Mohammad ‘Terry’ Tahir, Petticoat Lane

Originally from Pakistan, Tahir has lived in London for 25 years. Petticoat Lane market, which sells general goods and clothing, is in the East End and has seen successive waves of immigration, from French Huguenots in the 17th century to Jews fleeing eastern Europe in the late 19th century, and Bangladeshis in the 20th century.

Petticoat Lane market is said to be where entrepreneur Alan Sugar cut his teeth as a stallholder. Today Tahir finds the market is quiet, apart from office workers who come to buy their lunch from the hot-food stands.

“Fifteen to 20 years ago it used to be very, very busy,” he says, but office workers are not interested in buying clothes from the traders. “Profits are very, very down. It’s very hard to survive. The rain comes and everyone goes home.”

Some of Tahir’s peers do extra jobs around market trading hours. While he says it is a “very hard job”, he admits he likes it and has no plans to switch career.

Ron Granger, Chapel Market

The brothels of King’s Cross were once a reliable revenue stream for Ron Granger’s father. The older Granger used to trade in sheets from his stall in Chapel Market, Islington. “He sold sheeting by the yard; unbleached calico cotton as it was stronger,” says the locksmith.

The family have had a stall in the Islington market for about 100 years. Granger has made keys for the past 30 years, although there was a five-year interval when he lived in Alabama with his American wife, making contact lenses and then as a warehouse manager at Kmart.

In recent years he has diversified into poison. “We’ve got a bit of a problem with rats in Islington, thank God. Restaurants have exploded the rat population.” Global warming has been good for business, he says. Recently he added moth traps and balls to his range. Bed bugs have made something of a comeback too, to Granger’s great delight; he has added a deadly spray to his stock. “Cockroaches will come back,” he predicts.

Keys are the most lucrative of the products he sells, but rat poison is not far behind. The weak pound has had an impact, increasing prices of keys, which he sources from Italy and Spain.

Today, young people are not interested in taking over their parents’ stalls, he says. “They’re all Deliveroo riders now.” Granger’s own children have not followed the 69-year-old into the business, although his son, who now works in advertising, did stints in the holidays.

His customers have changed over the years, too.“You get every nation under the sun. Some years there are more Nigerians, some years more Croatians.”

When a farmers’ market was added on Sundays, traders worried it would hurt their business. But Granger thinks the increased footfall has been a boon; when customers see the high cost of organic tomatoes, he says, they often retreat to the traditional fruit and veg stalls.

Traders have always reacted swiftly to changes in tastes, he says. “Today, hipsters want cheap, good food at markets. Once it was jeans, then it was handbags.”

Is he considering retirement? Despite the early starts and downpours, Granger has no plans to quit.

Vittoria Fichera, Borough Market

A native of Venice, Vittoria Fichera has been in London for the past seven months. She works on the Greenfield Farm Organic Life tea stand at Borough Market, which was hit by a terrorist attack in June.

In addition to her job at the market, near London Bridge, the 27-year-old works at a pub in Notting Hill, where she was on duty on the night of the attack. “I was very scared [for my friends in the market]. It was very nice the way the community [came together],” she says.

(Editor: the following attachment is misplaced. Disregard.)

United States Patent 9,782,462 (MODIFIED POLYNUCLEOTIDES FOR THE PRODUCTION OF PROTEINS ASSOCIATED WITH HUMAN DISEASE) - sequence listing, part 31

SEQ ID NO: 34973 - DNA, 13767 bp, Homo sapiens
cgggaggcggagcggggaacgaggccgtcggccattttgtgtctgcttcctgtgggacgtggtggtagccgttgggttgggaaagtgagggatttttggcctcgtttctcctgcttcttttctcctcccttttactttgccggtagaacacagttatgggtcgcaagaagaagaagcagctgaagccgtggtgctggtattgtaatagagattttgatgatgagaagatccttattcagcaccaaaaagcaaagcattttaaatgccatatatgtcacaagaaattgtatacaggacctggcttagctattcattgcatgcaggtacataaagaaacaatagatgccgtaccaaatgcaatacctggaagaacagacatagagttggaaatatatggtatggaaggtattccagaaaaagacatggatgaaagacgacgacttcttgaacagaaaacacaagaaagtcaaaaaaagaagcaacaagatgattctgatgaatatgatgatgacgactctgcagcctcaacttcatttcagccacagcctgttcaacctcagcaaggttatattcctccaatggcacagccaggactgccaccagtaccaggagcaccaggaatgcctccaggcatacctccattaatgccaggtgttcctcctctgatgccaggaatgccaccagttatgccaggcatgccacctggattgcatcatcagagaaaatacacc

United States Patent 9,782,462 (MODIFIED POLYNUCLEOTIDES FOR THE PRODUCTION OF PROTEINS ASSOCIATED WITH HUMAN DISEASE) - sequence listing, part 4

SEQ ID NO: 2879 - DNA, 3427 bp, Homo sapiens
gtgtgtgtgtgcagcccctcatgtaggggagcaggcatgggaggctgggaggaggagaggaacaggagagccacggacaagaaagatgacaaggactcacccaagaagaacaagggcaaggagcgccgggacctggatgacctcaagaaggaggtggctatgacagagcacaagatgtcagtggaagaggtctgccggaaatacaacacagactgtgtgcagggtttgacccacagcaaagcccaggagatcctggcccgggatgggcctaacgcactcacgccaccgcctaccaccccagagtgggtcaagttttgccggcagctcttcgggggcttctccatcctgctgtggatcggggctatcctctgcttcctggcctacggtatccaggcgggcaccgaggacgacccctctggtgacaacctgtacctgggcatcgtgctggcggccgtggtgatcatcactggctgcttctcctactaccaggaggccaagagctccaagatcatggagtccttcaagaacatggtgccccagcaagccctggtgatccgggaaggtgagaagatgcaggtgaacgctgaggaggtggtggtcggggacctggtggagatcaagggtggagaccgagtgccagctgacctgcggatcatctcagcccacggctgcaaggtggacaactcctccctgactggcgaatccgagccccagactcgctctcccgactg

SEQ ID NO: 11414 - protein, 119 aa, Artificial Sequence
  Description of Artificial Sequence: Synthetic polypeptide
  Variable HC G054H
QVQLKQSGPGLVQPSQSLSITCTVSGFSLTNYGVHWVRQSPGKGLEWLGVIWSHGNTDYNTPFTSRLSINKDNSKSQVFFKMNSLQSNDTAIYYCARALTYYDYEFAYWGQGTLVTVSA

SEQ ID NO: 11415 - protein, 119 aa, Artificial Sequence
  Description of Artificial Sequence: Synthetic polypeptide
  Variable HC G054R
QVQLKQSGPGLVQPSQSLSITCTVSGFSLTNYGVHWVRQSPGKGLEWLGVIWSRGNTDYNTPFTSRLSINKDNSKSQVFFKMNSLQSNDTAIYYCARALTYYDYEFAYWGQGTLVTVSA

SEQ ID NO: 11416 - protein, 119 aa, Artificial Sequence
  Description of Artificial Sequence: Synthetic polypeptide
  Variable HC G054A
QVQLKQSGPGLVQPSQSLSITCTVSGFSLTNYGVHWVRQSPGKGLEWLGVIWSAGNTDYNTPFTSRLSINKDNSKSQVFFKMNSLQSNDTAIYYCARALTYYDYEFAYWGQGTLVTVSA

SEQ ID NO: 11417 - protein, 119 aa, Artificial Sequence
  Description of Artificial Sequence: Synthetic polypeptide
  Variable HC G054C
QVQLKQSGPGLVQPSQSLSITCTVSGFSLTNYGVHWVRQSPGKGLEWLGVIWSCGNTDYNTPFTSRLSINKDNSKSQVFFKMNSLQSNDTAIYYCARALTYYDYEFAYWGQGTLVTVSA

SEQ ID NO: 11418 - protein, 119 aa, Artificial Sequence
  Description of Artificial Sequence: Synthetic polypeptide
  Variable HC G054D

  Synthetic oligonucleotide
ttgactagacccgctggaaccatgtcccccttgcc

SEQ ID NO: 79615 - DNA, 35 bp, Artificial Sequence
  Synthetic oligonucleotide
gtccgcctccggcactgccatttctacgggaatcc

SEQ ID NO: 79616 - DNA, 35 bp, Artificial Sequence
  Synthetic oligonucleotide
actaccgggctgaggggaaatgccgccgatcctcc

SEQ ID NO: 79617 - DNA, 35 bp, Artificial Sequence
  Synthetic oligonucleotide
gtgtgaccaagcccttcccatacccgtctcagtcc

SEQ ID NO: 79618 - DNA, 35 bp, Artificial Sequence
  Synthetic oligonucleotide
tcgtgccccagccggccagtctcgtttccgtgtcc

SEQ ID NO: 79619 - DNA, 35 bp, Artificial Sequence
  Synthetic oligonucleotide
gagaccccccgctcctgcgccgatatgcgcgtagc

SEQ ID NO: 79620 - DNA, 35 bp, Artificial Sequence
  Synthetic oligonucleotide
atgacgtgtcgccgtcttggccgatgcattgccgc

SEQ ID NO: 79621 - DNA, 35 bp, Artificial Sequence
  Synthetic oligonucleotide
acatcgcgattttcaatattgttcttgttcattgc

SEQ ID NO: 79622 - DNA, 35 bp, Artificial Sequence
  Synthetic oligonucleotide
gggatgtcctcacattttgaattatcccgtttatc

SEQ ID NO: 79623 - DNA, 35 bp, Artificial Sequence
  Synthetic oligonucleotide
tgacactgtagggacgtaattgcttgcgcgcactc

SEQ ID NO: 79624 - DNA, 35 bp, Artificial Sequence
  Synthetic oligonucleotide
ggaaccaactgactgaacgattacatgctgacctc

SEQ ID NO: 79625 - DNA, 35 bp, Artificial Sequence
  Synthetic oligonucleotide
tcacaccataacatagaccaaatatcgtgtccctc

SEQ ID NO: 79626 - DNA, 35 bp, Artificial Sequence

Fichera got the market job through a friend; her boyfriend works on another stand. The company she works for also sells online.

Her mother is English, so she spent part of her youth in the UK on family holidays. A psychology graduate, she hopes to study criminology. But longer-term plans are uncertain. “Brexit will make a difference,” she says.

Victorine Bille, Spitalfields Market

The Parisian has had an occasional stall in Spitalfields Market for about five years, from which she sells her own jewellery, hats, bags and boots, made with fabrics and beads sourced from Africa.

“I go round the world to show my work,” says the 41-year-old, who makes everything herself. “I don’t like buying to sell.”

The market, which has been on the site for 350 years and once sold fresh produce, was modernised at the turn of the century, despite opposition amid fears that stallholders would be forced out and the area sanitised.

Bille loves her work but says that business can be patchy. “Yesterday I made nothing. Some days nothing.”

When in London, she stays with friends but most of the time she lives in Paris with her six-year-old daughter and her mother.

Zarullah Sherzad, Brixton Market

The Afghan sells avocados, mangoes and hot chillis in Brixton Market in south London. Most of his customers, he says, are of African or West Indian descent. Why did he specialise in these fruits? “I don’t have Afghan customers, so there’s no point selling Afghan food.”

The 37-year-old sends money to his family, who still live in Jalalabad, Afghanistan. When he arrived in London, he had no idea he would be selling fruit and vegetables.

“London is the best,” he says. “It’s safe, quiet and you get opportunities if you want to start a business, study or work.”

Pictures by Charlie Bibby/FT

Urban jungle

Visitors to Club Row in Shoreditch 100 years ago would have found the street alive with the squawks of parakeets, the yaps of puppies, the shrieks of monkeys and the odd growl from a lion cub. Founded in the 18th century by Huguenot refugees, who first popularised the keeping of songbirds in Britain, Club Row Animal Market continued selling pets until the early 1980s, when animal welfare concerns finally led to the din being silenced.

Feargus O’Sullivan

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